DHARAMSHALA, July 27: In yet another display of deep seated mistrust of Chinese rule, a study has found that Tibetans in Tibet consider official Chinese state media outlet as the most unreliable news source.
Instead, they depend mostly on the age old "word of mouth" practice to disseminate news and information.
The study, carried out by the Broadcasting Board of Governors and Gallup, released yesterday, said Tibetans take pride in sharing news actively within their trusted social circles.
The findings were gathered by Gallup in face-to-face interviews with 117 Tibetans from the three provincial regions of Kham, Amdo, and U-Tsang during the Dalai Lama’s January Kalachakra teachings in Bodhgaya, India. Thousands of Tibetan pilgrims from Tibet had travelled to India to receive the teachings.
“Gatherings such as these provide us with a unique opportunity to understand the changes that are taking place in how Tibetans access and share news amongst themselves,” said Rajesh Srinivasan, Principal Researcher at Gallup.
“While 89% of Tibetan travelers surveyed had televisions in their homes, none considered any official Chinese state media outlet their main reliable news source,” BBG said in a statement. “Nearly three quarters (74%) say other people are their top source for reliable news. Asked to name up to three reliable sources of news and information, 94% named word-of-mouth sources.”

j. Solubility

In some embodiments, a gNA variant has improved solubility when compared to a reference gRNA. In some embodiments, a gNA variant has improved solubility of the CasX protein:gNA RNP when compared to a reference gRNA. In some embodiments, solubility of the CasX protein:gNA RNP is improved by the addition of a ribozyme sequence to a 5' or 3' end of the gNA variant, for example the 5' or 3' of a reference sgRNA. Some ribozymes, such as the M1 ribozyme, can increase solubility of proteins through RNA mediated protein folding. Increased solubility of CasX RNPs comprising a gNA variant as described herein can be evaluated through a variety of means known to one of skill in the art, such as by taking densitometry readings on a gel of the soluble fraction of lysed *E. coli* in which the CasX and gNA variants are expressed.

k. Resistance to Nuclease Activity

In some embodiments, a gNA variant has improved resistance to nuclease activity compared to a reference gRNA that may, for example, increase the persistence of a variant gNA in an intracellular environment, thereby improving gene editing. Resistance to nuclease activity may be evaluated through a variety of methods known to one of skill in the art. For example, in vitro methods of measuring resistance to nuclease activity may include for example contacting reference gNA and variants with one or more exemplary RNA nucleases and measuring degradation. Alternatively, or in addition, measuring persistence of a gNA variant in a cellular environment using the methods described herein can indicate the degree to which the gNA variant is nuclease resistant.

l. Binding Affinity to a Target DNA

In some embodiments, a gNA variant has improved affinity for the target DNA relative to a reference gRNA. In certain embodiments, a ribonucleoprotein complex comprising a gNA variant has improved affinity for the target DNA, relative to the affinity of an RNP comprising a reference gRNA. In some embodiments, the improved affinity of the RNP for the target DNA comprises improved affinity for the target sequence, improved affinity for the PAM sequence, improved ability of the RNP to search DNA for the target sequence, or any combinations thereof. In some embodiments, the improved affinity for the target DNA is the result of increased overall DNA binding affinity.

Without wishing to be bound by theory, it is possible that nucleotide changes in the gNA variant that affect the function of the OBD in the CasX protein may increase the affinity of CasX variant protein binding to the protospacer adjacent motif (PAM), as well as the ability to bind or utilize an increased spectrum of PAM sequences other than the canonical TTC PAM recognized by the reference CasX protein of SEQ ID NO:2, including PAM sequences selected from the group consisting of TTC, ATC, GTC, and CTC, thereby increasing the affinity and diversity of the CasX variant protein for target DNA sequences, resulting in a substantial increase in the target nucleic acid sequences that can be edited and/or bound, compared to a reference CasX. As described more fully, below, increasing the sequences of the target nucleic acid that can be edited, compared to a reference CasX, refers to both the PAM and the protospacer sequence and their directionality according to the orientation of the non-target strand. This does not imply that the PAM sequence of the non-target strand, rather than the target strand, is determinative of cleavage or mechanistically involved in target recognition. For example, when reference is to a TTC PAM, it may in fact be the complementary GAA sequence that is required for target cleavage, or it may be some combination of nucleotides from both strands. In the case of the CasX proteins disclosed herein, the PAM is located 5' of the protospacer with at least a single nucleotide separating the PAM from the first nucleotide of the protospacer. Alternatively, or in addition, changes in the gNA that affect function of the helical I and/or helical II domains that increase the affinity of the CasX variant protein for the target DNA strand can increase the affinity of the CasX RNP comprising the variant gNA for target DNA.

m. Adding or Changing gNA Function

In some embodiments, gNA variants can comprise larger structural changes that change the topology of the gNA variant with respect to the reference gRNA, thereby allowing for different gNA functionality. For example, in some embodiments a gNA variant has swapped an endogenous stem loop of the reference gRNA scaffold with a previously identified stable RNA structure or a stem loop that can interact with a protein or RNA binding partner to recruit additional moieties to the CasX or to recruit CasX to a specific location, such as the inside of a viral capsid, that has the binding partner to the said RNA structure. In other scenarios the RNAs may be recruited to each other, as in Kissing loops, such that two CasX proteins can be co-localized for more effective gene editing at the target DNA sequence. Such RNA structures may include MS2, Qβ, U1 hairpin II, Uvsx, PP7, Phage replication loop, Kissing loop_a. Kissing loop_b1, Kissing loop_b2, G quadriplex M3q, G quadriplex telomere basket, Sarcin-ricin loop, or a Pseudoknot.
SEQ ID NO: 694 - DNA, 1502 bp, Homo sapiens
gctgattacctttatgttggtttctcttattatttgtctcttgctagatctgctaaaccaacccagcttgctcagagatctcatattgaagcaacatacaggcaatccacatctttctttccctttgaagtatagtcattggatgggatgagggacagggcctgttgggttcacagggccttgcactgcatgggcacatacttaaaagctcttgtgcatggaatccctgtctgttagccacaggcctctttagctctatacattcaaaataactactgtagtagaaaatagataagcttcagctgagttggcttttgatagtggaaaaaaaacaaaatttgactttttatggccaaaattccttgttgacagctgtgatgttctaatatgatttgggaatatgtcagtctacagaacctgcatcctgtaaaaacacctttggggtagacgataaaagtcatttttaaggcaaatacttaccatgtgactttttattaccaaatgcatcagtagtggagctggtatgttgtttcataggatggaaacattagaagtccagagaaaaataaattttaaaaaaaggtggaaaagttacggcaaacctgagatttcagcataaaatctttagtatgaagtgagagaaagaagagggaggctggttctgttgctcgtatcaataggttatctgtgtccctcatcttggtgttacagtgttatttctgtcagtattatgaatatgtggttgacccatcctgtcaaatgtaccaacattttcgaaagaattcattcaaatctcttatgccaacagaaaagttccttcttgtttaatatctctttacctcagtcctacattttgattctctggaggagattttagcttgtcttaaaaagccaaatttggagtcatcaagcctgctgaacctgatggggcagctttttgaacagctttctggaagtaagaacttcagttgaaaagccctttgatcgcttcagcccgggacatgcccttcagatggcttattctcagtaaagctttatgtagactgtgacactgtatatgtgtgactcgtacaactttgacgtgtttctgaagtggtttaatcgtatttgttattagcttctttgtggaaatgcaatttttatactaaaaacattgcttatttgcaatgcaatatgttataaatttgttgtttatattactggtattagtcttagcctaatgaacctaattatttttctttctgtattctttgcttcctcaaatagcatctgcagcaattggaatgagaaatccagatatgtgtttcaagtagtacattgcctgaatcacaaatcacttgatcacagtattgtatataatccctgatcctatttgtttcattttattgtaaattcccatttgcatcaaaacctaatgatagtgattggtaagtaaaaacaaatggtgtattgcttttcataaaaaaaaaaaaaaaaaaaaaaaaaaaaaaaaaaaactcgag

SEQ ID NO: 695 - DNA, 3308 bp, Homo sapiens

Some of the significant events that Tibetans had heard about through word of mouth included the ongoing wave of self-immolations in Tibet, as well as Dr Lobsang Sangay’s election as Kalon Tripa last year.
The study also shows new possibilities for mobile phones and other digital media for disseminating news and information. “Texting has become a common mode of communication in Tibet, with more than four out of 10 (44 per cent) of those surveyed reporting that they had sent or received texts on their mobile phones,” BBG said.
Kalon Tripa Dr Lobsang Sangay, during his recent visit to Washington, was hosted by BBG. During their hour long meeting, the agency’s Governor Michael Meehan and International Broadcasting Bureau Director Richard M. Lobo “confirmed the BBG’s commitment to supporting freedom and democracy for all Tibetans through international media.”
The BBG offers around-the-clock coverage of events of interest to Tibetans, including short-wave services seven days a week and a constant audio signal by satellite, television broadcasts, plus an Internet presence that can be viewed anywhere in the world.